He argued that prison reform remained an important political prerogative for the White House—and for President Trump personally.

“Keep in mind that this is a president who ran on the notion that he would provide a voice for the voiceless and the forgotten men and women in our society,” Holden said.  “If that’s the case, this is the place to be, because that’s who’s in our prisons these days—the voiceless, the forgotten people.”

Holden provided no further details about White House plans, but he said the president’s son-in-law Jared Kushner was a strong supporter of reforms, noting among other reasons his own family’s involvement with the justice system. Kushner’s father Charles, a real estate developer, was convicted in 2005 of illegal campaign contributions, tax evasion and witness tampering, and served time in federal prison.

Few people truly understood prison’s impact on individuals unless they had “proximity” with someone who had been behind bars, and Jared Kushner “had proximity,” Holden said.

Holden, who also serves as chairman of Freedom Partners Chamber of Commerce, is one of the leading conservative voices pushing for an overhaul of the justice system. Although Koch Industries, headed by multi-billionaire Charles Koch, has been a bitter target of liberals and reformers for its financing of libertarian causes, it has also been a major backer of the bipartisan “smart on crime” movement.

He noted that his group had been “very open and honest” in its disagreements with the some of the new administration’s justice policies, such as Sessions’ reversal of his predecessor’s softening of some drug sentencing laws, the failure to move ahead on the federal sentencing overhaul bill, and its opposition to marijuana legalization.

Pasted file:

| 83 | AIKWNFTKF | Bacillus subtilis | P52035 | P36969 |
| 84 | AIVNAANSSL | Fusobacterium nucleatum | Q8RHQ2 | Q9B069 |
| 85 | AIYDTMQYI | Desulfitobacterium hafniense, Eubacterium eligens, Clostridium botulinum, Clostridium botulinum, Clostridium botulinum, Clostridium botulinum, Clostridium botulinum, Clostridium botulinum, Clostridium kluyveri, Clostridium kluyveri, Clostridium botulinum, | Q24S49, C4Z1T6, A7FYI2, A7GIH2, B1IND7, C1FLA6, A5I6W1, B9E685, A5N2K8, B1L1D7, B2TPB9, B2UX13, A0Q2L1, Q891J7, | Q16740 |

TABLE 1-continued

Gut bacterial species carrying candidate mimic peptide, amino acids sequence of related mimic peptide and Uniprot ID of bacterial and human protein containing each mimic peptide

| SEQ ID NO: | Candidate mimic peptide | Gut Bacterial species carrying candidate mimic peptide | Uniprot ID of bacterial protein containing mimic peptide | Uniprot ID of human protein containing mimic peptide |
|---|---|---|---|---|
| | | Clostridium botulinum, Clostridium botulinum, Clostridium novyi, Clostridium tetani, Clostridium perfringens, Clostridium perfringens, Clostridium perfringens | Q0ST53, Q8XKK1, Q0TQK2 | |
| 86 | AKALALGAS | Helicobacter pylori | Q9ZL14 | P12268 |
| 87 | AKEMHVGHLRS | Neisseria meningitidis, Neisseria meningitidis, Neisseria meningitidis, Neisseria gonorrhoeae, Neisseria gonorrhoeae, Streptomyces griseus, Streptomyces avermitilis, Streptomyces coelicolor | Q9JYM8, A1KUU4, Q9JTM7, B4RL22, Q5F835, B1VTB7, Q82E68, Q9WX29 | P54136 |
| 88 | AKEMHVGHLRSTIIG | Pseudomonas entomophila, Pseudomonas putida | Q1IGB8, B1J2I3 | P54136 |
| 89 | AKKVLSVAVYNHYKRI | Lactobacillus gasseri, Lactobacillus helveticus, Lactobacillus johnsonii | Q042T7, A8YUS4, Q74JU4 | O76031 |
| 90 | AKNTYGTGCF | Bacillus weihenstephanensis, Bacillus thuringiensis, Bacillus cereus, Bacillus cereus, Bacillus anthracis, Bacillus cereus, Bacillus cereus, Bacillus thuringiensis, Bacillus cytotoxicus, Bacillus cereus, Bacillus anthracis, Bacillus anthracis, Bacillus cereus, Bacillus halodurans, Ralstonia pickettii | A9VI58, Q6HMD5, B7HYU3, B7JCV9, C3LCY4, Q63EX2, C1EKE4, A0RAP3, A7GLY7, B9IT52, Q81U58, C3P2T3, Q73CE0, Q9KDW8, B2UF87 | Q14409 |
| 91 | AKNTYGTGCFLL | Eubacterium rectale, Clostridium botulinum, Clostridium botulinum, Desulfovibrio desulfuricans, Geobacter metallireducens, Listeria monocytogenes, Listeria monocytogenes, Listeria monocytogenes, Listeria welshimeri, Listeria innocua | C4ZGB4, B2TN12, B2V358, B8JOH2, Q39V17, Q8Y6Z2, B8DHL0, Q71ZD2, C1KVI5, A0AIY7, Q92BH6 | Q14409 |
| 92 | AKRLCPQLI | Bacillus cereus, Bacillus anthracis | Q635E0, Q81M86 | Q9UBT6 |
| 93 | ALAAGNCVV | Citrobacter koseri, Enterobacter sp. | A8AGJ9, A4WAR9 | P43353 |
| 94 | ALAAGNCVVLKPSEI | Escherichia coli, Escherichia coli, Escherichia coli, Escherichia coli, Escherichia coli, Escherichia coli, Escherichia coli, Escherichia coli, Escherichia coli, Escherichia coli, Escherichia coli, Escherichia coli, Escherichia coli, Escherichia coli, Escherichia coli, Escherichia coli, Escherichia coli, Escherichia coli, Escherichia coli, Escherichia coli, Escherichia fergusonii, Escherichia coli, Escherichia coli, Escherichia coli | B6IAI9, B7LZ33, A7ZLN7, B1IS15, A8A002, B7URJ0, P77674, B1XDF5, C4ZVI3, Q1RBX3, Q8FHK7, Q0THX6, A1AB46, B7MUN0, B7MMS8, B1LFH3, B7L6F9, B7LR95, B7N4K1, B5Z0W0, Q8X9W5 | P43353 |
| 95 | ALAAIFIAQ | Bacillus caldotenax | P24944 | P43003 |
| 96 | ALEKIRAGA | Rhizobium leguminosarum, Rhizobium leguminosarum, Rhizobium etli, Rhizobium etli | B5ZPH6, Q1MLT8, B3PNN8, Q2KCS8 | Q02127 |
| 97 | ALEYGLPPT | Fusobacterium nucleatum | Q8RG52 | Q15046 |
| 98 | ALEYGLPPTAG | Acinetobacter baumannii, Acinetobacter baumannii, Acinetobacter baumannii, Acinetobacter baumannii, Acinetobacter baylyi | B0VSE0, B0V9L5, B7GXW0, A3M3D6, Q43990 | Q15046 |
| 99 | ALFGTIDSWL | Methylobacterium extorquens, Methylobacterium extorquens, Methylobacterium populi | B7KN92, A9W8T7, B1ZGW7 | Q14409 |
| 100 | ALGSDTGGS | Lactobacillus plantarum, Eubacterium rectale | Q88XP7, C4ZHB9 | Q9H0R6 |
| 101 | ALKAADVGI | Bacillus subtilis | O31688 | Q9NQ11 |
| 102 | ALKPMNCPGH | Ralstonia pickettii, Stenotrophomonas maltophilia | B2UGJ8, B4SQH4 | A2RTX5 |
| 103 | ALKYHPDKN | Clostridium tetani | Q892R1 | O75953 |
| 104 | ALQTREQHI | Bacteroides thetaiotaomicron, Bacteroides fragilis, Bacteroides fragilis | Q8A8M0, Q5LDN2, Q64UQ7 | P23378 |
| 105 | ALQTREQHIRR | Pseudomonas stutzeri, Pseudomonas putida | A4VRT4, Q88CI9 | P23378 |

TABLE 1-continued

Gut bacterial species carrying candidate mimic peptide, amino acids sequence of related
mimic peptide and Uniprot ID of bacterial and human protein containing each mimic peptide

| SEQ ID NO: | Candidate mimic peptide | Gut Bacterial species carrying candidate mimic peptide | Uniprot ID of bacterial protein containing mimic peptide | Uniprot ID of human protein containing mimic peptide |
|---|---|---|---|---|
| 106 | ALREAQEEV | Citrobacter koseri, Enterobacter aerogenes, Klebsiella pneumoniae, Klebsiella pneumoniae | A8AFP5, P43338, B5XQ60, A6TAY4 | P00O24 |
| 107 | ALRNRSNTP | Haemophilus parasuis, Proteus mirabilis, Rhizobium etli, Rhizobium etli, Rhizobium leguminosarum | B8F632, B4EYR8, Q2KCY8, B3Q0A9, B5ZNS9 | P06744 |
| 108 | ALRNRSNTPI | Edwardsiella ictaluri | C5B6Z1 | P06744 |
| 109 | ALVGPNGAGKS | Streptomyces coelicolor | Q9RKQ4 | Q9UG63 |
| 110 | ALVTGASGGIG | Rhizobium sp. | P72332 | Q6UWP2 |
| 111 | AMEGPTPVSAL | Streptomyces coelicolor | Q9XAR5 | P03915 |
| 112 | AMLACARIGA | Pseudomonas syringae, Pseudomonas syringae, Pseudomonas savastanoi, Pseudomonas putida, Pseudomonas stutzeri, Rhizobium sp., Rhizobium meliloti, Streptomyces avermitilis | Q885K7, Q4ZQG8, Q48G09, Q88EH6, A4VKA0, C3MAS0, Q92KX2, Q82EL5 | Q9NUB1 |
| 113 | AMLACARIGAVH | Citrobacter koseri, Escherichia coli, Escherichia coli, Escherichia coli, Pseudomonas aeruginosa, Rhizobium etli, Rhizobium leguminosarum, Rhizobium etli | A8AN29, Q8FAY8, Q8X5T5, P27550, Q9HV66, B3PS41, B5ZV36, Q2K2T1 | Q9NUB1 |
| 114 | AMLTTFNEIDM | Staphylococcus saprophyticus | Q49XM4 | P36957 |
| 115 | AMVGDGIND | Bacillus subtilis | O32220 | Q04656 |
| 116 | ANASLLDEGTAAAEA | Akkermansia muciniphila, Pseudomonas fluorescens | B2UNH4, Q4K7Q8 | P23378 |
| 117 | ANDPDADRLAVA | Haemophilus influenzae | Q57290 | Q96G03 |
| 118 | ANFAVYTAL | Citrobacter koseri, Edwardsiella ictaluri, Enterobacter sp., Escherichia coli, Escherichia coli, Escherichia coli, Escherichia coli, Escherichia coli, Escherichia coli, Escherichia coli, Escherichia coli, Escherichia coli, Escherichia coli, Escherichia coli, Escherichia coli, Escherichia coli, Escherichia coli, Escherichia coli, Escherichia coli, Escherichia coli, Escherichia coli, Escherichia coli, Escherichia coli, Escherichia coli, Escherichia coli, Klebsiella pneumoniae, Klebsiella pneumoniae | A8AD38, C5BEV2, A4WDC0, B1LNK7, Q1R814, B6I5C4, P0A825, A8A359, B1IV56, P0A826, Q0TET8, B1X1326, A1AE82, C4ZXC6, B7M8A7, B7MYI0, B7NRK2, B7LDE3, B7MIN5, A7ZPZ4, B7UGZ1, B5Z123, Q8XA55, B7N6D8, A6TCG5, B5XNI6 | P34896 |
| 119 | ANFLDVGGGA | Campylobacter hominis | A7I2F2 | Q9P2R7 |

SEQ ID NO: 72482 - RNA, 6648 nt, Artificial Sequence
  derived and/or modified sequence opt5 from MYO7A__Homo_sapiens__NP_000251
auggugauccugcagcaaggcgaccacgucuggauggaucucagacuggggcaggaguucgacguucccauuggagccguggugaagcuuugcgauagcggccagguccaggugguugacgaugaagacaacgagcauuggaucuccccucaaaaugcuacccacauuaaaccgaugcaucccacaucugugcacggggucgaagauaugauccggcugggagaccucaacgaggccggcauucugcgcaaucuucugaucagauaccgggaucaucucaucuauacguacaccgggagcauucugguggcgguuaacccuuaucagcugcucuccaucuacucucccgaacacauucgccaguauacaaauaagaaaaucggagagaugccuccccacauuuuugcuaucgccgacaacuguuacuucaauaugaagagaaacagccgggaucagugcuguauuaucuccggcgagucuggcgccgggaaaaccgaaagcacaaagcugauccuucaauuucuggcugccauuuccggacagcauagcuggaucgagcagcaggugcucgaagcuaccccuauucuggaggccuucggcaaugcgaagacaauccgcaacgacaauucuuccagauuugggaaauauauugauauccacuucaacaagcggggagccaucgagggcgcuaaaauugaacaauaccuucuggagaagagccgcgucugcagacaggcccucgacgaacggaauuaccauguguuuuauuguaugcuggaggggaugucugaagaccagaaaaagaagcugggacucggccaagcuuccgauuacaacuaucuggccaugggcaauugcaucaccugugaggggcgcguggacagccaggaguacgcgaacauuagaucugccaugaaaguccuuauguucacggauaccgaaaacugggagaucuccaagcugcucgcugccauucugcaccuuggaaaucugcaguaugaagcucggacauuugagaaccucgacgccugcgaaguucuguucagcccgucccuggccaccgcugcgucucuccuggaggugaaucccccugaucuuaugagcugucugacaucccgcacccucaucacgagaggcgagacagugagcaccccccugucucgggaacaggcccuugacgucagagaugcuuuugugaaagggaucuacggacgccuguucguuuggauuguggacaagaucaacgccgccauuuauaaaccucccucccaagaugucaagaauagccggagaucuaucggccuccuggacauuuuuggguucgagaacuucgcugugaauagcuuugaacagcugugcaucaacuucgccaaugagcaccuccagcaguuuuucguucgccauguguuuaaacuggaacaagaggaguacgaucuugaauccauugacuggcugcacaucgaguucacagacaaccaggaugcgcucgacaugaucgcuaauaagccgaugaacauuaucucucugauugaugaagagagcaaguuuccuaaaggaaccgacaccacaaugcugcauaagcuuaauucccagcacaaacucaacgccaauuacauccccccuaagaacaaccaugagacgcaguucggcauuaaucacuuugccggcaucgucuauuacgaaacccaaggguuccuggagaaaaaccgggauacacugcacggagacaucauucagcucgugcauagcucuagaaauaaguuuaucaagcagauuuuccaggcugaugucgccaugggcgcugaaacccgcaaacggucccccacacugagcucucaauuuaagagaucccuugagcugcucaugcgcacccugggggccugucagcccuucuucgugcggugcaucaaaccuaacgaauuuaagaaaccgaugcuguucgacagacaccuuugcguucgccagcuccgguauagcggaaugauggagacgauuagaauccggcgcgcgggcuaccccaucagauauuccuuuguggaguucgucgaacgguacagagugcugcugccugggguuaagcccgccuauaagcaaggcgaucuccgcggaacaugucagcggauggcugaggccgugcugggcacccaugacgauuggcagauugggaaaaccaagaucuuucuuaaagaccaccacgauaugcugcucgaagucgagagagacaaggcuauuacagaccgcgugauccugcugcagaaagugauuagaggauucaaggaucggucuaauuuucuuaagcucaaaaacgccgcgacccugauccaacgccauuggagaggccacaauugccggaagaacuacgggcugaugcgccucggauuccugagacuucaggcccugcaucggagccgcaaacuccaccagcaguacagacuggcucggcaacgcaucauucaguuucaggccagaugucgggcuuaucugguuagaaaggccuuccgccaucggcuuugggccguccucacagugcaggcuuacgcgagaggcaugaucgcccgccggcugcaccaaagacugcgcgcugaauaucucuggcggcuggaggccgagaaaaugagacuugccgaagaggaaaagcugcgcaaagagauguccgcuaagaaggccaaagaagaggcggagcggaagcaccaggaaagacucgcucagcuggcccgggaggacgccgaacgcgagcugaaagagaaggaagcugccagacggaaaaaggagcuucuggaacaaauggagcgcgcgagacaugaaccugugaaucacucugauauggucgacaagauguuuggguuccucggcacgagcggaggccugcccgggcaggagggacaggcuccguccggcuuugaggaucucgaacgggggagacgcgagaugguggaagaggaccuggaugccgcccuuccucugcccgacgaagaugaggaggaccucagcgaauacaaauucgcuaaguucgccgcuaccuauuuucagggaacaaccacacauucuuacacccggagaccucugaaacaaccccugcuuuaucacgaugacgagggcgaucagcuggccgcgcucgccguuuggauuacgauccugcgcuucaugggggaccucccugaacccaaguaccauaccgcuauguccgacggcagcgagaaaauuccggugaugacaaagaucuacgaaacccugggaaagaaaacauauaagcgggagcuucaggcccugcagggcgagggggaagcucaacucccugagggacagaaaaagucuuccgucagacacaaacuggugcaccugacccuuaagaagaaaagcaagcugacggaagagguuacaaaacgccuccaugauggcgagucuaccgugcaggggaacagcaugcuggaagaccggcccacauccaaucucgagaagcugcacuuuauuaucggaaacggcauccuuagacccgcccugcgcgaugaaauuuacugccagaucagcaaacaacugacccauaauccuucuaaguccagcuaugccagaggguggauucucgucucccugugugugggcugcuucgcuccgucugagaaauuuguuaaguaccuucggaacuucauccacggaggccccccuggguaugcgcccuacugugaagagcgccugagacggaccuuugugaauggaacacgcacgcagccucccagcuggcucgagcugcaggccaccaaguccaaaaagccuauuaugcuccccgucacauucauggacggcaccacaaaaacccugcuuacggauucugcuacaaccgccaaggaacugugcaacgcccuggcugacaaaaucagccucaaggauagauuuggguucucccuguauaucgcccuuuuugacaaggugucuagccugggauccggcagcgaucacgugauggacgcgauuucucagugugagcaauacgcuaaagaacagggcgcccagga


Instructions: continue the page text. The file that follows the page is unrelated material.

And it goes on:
“We disagree that they should be doing what they’re doing with marijuana,” he said. “But in Sessions’ defense, it is on the books, it’s a felony to smoke marijuana. So we need to change that law and Congress needs to get off their butts and do something and the president needs to sign that.”

Holden used his remarks to promote the Safe Streets and Second Chances program,  a Koch-backed initiative aimed at eventually ensuring that all individuals entering prison in the U.S. immediately receive a program of  counseling, education and rehabilitative care geared towards preparing them for productive lives after release.

He said it was a moral, constitutional and fiscal imperative for all Americans, regardless of their ideological affiliations, to end the “two-tiered system (where) the rich and guilty are treated better than the poor and innocent, and people plead guilty to things they didn’t do because of the power of prosecutors and a lack of full time lawyers to defend them.”